The main goal of the present work is to develop a suitable PLGA-based nanocarrier and to evaluate its capacity to encapsulate and to deliver calcitriol, improving its therapeutic efficiency. III.


This work is being developed at the Laboratory for Process Engineering, Environmental, Biotechnology and Energy (LEPABE) at the Faculty of Engineering of University of Porto in collaboration with Institute of Molecular Pathology and Immunology of University of Porto (IPATIMUP). IV.


The overall research work comprises four main tasks: (A) preparation of PLGA NPs and evaluation of the effect of different experimental parameters on NPs properties; (B) encapsulation of Vitamin D3 active metabolite and the physicochemical characterization of the prepared nanosystems; (C) evaluation of the stability of the prepared nanocarrier at storage conditions and after freeze-drying process; (D) study of the calcitriol-loaded PLGA NPs effects on human cancer cell lines. A.

PLGA NPs preparation and assessment of the influence of experimental parameters on NPs properties PLGA NPs were prepared using the emulsion-solvent evaporation technique. For that purpose, PLGA (10 mg) was dissolved in ethyl acetate, and for encapsulation vitamin (1 mg or 0.1 mg) was added to this organic phase. An aqueous solution of 1% (w/v) pluronic®F127 was added dropwise to the organic phase. Then, the solution was vortexed and emulsified by sonication at an ultrasonic frequency of 45 kHz. The emulsion was subsequently poured into a solution of 0.1% (w/v) pluronic®F127 and stirred at room temperature until complete evaporation of the organic solvent. The resulting suspension was filtered (0.2 μm, Millex-GP Filter Units, Merck Millipore, Germany), and incubated at 4 ºC overnight to increase NPs stability.

drug model in this step. After defining the optimal conditions, PLGA NPs were prepared for calcitriol entrapment. B.

PLGA NPs physicochemical characterization The size, polydispersity index (PdI), zeta potential, morphology, loading capacity, encapsulation efficiency and in vitro release profile were the parameters used to characterize the produced nanoparticles. Size distribution and zeta potential were determined by Dynamic Light Scattering (DLS) and Electrophoretic Light Scattering (ELS), respectively. Morphological analysis was conducted by Transmission Electron Microscopy (TEM). The in vitro release behavior of calcitriol entrapped in the PLGA NPs was evaluated in PBS (0.01 M, pH 7.4 at 37 °C) over seven days. C.

Nanoparticles stability studies In order to evaluate the nanosystem stability, the prepared PLGA NPs were stored at 4 °C and modifications in their size and zeta potential were assessed over a period of nine weeks by DLS and ELS measurements, respectively. DLS and ELS analysis were also performed to assess the occurrence of aggregation or modification of the PLGA NPs properties after freeze-drying. Lyophilization was carried out in a BenchTopTM K series freeze-dryer (VirTis,NY, USA) at 5 x 10-5 bar and –95 ºC for 48 h. The effect of sucrose, at the concentration of 1% (w/v), as a cryoprotective agent on the NPs stability during lyophilization was also determined. D.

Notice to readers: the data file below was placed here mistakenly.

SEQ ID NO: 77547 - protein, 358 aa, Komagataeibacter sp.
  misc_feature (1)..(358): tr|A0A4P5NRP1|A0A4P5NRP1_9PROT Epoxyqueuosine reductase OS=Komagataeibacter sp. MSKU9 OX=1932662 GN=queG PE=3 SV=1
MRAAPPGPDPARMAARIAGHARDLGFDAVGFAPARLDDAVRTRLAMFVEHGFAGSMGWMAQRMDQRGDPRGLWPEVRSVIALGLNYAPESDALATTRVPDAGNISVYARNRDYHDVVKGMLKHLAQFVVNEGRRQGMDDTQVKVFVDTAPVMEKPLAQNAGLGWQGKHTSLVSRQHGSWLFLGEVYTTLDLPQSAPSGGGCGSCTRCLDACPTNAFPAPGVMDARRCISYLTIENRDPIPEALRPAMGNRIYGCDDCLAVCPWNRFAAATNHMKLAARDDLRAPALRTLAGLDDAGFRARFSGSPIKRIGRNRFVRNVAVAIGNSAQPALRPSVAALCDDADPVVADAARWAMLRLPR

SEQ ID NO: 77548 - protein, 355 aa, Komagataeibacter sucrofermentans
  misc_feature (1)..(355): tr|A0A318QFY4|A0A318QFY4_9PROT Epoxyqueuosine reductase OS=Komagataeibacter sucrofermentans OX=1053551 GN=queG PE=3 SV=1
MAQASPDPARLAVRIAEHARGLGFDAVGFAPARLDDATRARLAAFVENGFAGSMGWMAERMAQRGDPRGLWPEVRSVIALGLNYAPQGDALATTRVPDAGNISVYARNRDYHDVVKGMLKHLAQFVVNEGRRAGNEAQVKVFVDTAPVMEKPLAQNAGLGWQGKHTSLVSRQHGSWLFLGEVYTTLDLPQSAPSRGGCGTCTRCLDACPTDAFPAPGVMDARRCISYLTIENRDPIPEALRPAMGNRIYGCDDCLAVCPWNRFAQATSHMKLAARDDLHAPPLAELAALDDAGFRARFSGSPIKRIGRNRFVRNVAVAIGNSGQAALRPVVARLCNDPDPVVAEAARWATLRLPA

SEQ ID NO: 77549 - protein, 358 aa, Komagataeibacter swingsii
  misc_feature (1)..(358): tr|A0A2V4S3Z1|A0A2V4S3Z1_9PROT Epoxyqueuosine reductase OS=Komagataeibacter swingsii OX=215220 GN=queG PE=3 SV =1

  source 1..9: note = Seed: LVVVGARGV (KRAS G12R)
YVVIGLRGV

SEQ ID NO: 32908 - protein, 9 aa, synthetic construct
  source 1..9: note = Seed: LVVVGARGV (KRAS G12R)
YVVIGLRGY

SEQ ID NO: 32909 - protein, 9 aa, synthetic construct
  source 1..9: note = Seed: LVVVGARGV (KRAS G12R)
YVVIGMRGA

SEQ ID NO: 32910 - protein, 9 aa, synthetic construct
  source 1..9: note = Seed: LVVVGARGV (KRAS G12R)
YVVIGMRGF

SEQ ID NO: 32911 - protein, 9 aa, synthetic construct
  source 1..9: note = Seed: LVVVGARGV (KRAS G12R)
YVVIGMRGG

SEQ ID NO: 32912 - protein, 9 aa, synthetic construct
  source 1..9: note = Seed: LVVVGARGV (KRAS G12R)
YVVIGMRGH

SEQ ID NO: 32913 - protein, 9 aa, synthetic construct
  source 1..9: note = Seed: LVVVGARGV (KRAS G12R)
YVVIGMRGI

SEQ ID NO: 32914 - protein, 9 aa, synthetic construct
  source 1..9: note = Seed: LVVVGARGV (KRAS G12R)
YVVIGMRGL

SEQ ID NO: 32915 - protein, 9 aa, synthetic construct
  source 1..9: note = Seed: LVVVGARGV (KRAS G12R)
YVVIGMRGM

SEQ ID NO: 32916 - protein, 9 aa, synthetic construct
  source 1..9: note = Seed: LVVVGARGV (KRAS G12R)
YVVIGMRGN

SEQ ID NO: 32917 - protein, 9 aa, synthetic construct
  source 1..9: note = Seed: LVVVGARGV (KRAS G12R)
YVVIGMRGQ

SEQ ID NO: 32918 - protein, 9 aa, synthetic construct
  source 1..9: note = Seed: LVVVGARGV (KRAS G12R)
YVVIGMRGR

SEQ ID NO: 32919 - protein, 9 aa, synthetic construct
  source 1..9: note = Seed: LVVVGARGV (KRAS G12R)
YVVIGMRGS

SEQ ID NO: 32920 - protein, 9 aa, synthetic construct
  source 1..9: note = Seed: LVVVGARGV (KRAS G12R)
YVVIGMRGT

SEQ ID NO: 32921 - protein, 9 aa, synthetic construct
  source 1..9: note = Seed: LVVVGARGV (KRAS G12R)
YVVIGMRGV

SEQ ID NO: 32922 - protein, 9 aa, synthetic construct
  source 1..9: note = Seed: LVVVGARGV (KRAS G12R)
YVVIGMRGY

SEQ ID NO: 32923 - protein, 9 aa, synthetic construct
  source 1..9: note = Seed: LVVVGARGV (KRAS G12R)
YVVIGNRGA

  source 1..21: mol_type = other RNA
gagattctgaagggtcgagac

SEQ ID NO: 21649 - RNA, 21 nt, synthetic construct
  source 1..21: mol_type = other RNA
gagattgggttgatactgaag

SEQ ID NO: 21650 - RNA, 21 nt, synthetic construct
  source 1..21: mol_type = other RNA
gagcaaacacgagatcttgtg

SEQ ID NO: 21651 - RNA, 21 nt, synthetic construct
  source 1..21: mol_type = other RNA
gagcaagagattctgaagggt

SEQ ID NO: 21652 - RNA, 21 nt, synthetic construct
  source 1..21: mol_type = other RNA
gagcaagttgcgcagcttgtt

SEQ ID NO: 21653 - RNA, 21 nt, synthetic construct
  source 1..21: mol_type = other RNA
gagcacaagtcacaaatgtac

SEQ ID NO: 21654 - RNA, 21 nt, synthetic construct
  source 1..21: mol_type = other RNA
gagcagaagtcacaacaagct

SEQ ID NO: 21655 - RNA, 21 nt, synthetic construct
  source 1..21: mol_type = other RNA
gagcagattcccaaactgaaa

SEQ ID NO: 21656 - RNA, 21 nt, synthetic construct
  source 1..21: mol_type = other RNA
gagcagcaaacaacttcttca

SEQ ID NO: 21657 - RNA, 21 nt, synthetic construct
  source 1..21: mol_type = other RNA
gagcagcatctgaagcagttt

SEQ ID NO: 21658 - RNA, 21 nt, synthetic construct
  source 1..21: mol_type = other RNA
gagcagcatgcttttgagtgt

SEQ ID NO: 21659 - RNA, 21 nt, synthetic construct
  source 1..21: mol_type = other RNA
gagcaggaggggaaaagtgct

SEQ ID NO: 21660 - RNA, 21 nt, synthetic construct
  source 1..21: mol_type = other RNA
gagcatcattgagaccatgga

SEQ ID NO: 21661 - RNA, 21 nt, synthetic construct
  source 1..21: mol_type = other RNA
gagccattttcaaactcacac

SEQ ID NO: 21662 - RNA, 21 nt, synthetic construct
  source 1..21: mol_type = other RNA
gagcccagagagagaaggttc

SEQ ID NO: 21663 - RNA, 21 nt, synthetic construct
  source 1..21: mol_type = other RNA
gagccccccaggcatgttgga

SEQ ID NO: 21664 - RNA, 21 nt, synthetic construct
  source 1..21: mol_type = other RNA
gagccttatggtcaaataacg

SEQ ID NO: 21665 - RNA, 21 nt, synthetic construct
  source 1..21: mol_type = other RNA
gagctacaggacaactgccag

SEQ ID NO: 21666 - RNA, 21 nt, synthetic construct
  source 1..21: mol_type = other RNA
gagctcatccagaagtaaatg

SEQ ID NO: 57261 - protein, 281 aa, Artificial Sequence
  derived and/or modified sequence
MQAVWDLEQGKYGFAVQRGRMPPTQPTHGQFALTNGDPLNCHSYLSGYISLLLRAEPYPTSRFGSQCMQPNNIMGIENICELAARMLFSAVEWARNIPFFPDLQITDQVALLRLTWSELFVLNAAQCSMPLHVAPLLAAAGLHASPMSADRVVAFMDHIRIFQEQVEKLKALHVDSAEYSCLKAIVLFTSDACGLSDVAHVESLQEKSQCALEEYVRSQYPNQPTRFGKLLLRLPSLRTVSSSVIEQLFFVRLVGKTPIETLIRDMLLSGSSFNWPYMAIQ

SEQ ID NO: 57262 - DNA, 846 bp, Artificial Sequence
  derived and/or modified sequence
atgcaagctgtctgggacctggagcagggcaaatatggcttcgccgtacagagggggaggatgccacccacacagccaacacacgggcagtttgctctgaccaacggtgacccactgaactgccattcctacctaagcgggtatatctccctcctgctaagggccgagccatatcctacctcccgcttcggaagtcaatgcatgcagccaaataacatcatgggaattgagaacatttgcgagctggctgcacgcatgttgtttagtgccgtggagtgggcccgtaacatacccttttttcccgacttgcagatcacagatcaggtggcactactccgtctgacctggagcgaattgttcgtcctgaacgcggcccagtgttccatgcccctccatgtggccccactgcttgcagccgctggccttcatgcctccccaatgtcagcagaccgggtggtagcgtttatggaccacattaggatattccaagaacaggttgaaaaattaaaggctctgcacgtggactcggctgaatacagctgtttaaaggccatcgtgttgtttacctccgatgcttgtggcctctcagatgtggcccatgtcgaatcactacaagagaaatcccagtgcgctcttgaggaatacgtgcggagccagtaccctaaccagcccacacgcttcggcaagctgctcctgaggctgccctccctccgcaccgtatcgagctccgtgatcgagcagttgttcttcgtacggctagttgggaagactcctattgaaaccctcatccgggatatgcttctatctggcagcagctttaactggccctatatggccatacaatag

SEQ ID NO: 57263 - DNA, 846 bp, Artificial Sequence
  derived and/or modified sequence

Cellular studies In vitro cell assays were performed with different human cancer cell lines. It was used S2-013, a well differentiated tubular adenocarcinoma and moderately metastatic subline cloned from the human pancreatic tumor cell line SUIT-2 [22] and A549, a human non-small cell lung carcinoma line [23]. Laser Scanning Confocal Microscopy (LSCM) was used to visualize the PLGA uptake by cells and cytotoxicity was determined by Sulforhodamine B (SRB) assay. Cell cycle analysis by quantitation of DNA content in PI-stained cells was performed using flow cytometry (FCM). This task is under progress with promising preliminary results presented below. V.



Physicochemical features of PLGA nanoparticles PLGA NPs were prepared by a single emulsion solvent evaporation method and the influence of two experimental parameters on the properties of the NPs was evaluated. The attained results are presented in tables I and II. TABLE I.


Two experimental parameters, the sonication step and the vitamin/polymer ratio, were tested in order to achieve the adequate experimental conditions. Due to the cost of calcitriol, cholecalciferol, the inactive form of vitamin D3, was used as a.

Sonication time

Mean size (nm) a

PdI a

Zeta Potential (mV) a

1 min

176 ± 2

0.096 ± 0.090

- 34 ± 4

5 min

174 ± 4

0.041 ± 0.003

- 40 ± 1

10 min

173 ± 18

0.054 ± 0.027

- 36 ± 3

Data represented as mean ± SD (n=3)

TABLE II. PLGA NPs Cholecalciferolloaded Calcitriol-loaded b.


Mean size (nm) b

Pd b

Zeta potential (mV) b

LE (%)b

LC (%)b

172 ± 8

0.069 ± 0.033

- 33 ± 1

81 ± 17

0.8 ± 0.1


189 ± 7

0.089 ± 0.060

- 30 ± 6

83 ± 2

8.3 ± 0.2


187 ± 2

0.038 ± 0.021

- 33 ± 5

57 ± 8

5.7 ± 0.9

Data represented as mean ± SD (n=3)

Since sonication is a crucial step to define the properties of the nanoparticles [24], the influence of the duration of this step on the features of the produced unloaded PLGA NPs was assessed. As table I shows, the unloaded NPs, produced with three different sonication times, exhibited mean sizes varying between 173 and 176 nm. Increasing sonication time, didn’t significantly alter NPs mean size (p>0.05). Also, no significant changes were verified (p>0.05) for PdI and zeta potential values. The sonication time selected for the following experiments was 5 minutes. The single emulsion solvent evaporation method also allowed the encapsulation of vitamin D3 in the PLGA NPs. Different vitamin/polymer ratios were used to verify its influence on NPs properties. The attained results for mean size, PdI, zeta potential, loading capacity and encapsulation efficiency values for the PLGA NPs loaded with cholecalciferol and calcitriol are shown in table II. As it is shown in tables I and II, the size of 10% vitaminloaded NPs (189 ± 7 nm for cholecalciferol-loaded, and 187 ± 2 for calcitriol-loaded, respectively) increased significantly (p0.05). Table 2 also shows the significant increase (p0.05). The attained results for encapsulation efficiency (EE) for both encapsulated forms of Vitamin D3 are also expressed in percentages in table II. No significant changes of EE values (p>0.05) were observed for the different cholecalciferol/polymer ratios reported. However for 10% ratios, the obtained results significantly decrease (p